Sixth graders were burning major calories this month, and not just in athletics. In Aaron Murray’s science class, they set fire to their favorite snacks to find out how much energy the foods contain. The experiment follows a study of food components that have calories, such as protein, carbohydrates and fats.
To determine the calorie count, scientists like Celia McCarty filled a test tube with 30 milliliters of water, weighed a Wheat Thin cracker, ignited the cracker and held it under the test tube. Then, she and her lab partner Hugh Brophy recorded the temperature of the water and weighed the burnt cracker for comparison.
Using a formula, they calculated calories and kilocalories based on how the water temperature changed after being heated by the burning cracker. A calorie is the amount of energy required to raise the temperature of one milliliter of water by one degree Celsius. Burning the stored energy in the food raises the temperature of water by varying degrees. The higher the temperature, the more stored energy in the food.
"The students get the fun of burning, and I trick them into doing algebra,” said Mr. Murray. “The more they burn, the more algebra they get to do."
After collecting data about temperatures, mass, and calorie count, scientists compared the numbers and determined which snacks have the highest kilocalories per gram, an eye-opening lesson about the calorie content of many common foods. Next, they will devise their own questions regarding the various food items and hypothesize based upon a few days of observations and surveys. They will compare the various items and determine which has the most or fewest kilocalories per gram and write up their findings in a laboratory report to show their qualitative and quantitative observation and data analysis skills.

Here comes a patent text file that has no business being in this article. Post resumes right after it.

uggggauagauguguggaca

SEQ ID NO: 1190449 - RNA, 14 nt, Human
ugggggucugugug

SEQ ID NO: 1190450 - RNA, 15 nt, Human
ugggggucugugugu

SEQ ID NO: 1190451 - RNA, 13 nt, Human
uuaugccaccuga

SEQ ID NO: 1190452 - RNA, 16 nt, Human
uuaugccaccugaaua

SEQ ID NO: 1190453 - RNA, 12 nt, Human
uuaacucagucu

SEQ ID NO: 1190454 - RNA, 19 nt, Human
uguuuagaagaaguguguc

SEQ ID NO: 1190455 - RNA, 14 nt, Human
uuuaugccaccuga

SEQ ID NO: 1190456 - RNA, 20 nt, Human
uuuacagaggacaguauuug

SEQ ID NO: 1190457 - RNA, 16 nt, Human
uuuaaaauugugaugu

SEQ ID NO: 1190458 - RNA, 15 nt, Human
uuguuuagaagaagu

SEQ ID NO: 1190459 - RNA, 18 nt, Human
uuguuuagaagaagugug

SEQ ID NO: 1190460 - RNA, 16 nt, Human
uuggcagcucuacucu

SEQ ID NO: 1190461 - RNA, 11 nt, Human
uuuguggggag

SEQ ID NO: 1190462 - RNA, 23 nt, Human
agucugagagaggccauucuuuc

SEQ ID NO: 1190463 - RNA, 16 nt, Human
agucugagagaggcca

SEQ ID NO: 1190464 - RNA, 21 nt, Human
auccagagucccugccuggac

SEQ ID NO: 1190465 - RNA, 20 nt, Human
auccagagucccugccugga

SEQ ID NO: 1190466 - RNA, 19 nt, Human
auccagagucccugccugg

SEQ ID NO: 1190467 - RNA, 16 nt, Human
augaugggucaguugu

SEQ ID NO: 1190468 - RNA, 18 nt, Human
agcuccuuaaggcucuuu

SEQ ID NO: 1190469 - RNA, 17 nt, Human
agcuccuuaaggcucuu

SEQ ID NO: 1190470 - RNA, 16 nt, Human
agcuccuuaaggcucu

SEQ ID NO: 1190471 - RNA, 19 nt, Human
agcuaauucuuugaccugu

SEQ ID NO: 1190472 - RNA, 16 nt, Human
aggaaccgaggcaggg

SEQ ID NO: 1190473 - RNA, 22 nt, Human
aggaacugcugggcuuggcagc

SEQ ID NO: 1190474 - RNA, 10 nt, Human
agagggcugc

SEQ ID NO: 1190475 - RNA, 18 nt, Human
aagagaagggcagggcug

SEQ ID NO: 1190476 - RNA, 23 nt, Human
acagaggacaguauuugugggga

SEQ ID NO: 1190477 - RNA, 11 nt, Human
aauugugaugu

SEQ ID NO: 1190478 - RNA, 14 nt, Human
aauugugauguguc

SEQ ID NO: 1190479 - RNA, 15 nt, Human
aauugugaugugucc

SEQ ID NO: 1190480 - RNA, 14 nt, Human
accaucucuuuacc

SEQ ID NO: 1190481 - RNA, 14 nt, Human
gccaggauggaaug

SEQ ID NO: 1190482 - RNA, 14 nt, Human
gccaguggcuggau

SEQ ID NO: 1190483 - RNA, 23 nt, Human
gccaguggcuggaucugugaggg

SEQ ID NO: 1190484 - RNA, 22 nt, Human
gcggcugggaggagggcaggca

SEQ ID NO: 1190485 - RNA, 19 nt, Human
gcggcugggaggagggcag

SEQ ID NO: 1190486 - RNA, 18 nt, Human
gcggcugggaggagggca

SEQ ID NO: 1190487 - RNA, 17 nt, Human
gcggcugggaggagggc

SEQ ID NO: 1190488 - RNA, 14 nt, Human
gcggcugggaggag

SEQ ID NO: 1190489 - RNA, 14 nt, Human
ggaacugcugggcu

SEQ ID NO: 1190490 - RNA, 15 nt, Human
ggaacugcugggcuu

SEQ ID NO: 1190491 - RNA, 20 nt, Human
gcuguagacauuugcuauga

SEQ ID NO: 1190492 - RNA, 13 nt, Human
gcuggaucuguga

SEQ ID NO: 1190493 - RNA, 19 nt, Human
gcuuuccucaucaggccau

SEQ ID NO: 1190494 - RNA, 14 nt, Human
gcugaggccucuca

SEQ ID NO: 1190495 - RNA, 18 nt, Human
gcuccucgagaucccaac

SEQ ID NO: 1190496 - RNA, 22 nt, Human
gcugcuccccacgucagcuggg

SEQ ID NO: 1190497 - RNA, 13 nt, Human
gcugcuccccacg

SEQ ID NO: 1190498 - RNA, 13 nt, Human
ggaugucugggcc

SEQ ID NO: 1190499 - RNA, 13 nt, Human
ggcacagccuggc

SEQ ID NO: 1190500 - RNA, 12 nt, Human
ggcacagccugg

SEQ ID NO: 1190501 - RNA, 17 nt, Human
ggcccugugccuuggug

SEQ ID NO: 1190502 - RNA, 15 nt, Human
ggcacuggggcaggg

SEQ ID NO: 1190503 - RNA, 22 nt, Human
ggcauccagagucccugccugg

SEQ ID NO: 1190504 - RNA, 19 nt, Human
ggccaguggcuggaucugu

Much of the year in sixth-grade science is devoted to learning about energy movement through our environment especially regarding food. Now they are learning about the stored potential energy within their food and later we will explore how much energy and resources are required to cultivate, harvest, process, manufacture, transport and store our food. Scientists will analyze the energy inputs and outputs in our food manufacturing system and make recommendations for energy and resource conservation.
Graland Country Day School is a private school in Denver, Colorado, serving students in preschool, kindergarten, elementary, and middle school. Founded in Denver in 1924, Graland incorporates a rich, experiential learning approach in a traditional classroom setting, emphasizing the development of globally and socially conscious leaders who excel academically.